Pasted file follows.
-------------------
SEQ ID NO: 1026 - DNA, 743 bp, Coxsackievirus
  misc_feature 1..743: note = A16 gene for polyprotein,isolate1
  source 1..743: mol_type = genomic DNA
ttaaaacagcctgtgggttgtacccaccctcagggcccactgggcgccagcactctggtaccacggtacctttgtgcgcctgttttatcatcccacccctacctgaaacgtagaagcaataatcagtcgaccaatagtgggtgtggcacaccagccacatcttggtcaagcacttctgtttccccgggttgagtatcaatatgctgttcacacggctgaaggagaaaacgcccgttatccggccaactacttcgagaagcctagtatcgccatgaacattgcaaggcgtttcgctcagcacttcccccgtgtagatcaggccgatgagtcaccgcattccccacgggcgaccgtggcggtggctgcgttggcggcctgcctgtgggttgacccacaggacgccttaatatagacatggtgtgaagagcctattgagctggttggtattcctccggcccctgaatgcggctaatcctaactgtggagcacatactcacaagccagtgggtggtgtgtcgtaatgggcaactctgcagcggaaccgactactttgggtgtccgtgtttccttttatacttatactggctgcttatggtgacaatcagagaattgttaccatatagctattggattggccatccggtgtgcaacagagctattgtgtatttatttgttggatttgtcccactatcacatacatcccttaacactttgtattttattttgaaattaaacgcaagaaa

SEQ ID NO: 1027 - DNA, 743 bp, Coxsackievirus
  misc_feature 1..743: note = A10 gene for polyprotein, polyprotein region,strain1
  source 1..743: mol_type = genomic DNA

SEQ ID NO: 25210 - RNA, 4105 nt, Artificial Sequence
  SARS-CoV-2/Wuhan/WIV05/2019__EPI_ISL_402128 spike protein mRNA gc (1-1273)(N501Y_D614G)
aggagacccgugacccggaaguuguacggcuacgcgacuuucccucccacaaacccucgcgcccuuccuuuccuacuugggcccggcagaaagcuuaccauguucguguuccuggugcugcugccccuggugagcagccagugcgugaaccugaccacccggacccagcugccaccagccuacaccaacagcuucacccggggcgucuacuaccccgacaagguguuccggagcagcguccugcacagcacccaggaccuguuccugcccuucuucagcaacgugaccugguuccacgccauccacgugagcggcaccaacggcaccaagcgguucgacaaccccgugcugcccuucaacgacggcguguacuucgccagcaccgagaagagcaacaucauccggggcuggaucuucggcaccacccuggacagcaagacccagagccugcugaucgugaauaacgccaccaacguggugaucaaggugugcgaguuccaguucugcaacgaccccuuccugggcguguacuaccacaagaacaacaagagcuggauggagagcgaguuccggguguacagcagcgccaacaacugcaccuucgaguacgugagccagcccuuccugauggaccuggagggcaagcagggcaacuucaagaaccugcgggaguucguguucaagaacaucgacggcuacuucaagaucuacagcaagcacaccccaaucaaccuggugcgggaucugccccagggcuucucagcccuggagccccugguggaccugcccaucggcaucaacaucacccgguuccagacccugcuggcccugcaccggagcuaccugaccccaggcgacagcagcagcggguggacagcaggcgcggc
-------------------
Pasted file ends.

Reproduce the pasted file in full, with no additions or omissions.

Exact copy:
SEQ ID NO: 1026 - DNA, 743 bp, Coxsackievirus
  misc_feature 1..743: note = A16 gene for polyprotein,isolate1
  source 1..743: mol_type = genomic DNA
ttaaaacagcctgtgggttgtacccaccctcagggcccactgggcgccagcactctggtaccacggtacctttgtgcgcctgttttatcatcccacccctacctgaaacgtagaagcaataatcagtcgaccaatagtgggtgtggcacaccagccacatcttggtcaagcacttctgtttccccgggttgagtatcaatatgctgttcacacggctgaaggagaaaacgcccgttatccggccaactacttcgagaagcctagtatcgccatgaacattgcaaggcgtttcgctcagcacttcccccgtgtagatcaggccgatgagtcaccgcattccccacgggcgaccgtggcggtggctgcgttggcggcctgcctgtgggttgacccacaggacgccttaatatagacatggtgtgaagagcctattgagctggttggtattcctccggcccctgaatgcggctaatcctaactgtggagcacatactcacaagccagtgggtggtgtgtcgtaatgggcaactctgcagcggaaccgactactttgggtgtccgtgtttccttttatacttatactggctgcttatggtgacaatcagagaattgttaccatatagctattggattggccatccggtgtgcaacagagctattgtgtatttatttgttggatttgtcccactatcacatacatcccttaacactttgtattttattttgaaattaaacgcaagaaa

SEQ ID NO: 1027 - DNA, 743 bp, Coxsackievirus
  misc_feature 1..743: note = A10 gene for polyprotein, polyprotein region,strain1
  source 1..743: mol_type = genomic DNA

SEQ ID NO: 25210 - RNA, 4105 nt, Artificial Sequence
  SARS-CoV-2/Wuhan/WIV05/2019__EPI_ISL_402128 spike protein mRNA gc (1-1273)(N501Y_D614G)
aggagacccgugacccggaaguuguacggcuacgcgacuuucccucccacaaacccucgcgcccuuccuuuccuacuugggcccggcagaaagcuuaccauguucguguuccuggugcugcugccccuggugagcagccagugcgugaaccugaccacccggacccagcugccaccagccuacaccaacagcuucacccggggcgucuacuaccccgacaagguguuccggagcagcguccugcacagcacccaggaccuguuccugcccuucuucagcaacgugaccugguuccacgccauccacgugagcggcaccaacggcaccaagcgguucgacaaccccgugcugcccuucaacgacggcguguacuucgccagcaccgagaagagcaacaucauccggggcuggaucuucggcaccacccuggacagcaagacccagagccugcugaucgugaauaacgccaccaacguggugaucaaggugugcgaguuccaguucugcaacgaccccuuccugggcguguacuaccacaagaacaacaagagcuggauggagagcgaguuccggguguacagcagcgccaacaacugcaccuucgaguacgugagccagcccuuccugauggaccuggagggcaagcagggcaacuucaagaaccugcgggaguucguguucaagaacaucgacggcuacuucaagaucuacagcaagcacaccccaaucaaccuggugcgggaucugccccagggcuucucagcccuggagccccugguggaccugcccaucggcaucaacaucacccgguuccagacccugcuggcccugcaccggagcuaccugaccccaggcgacagcagcagcggguggacagcaggcgcggc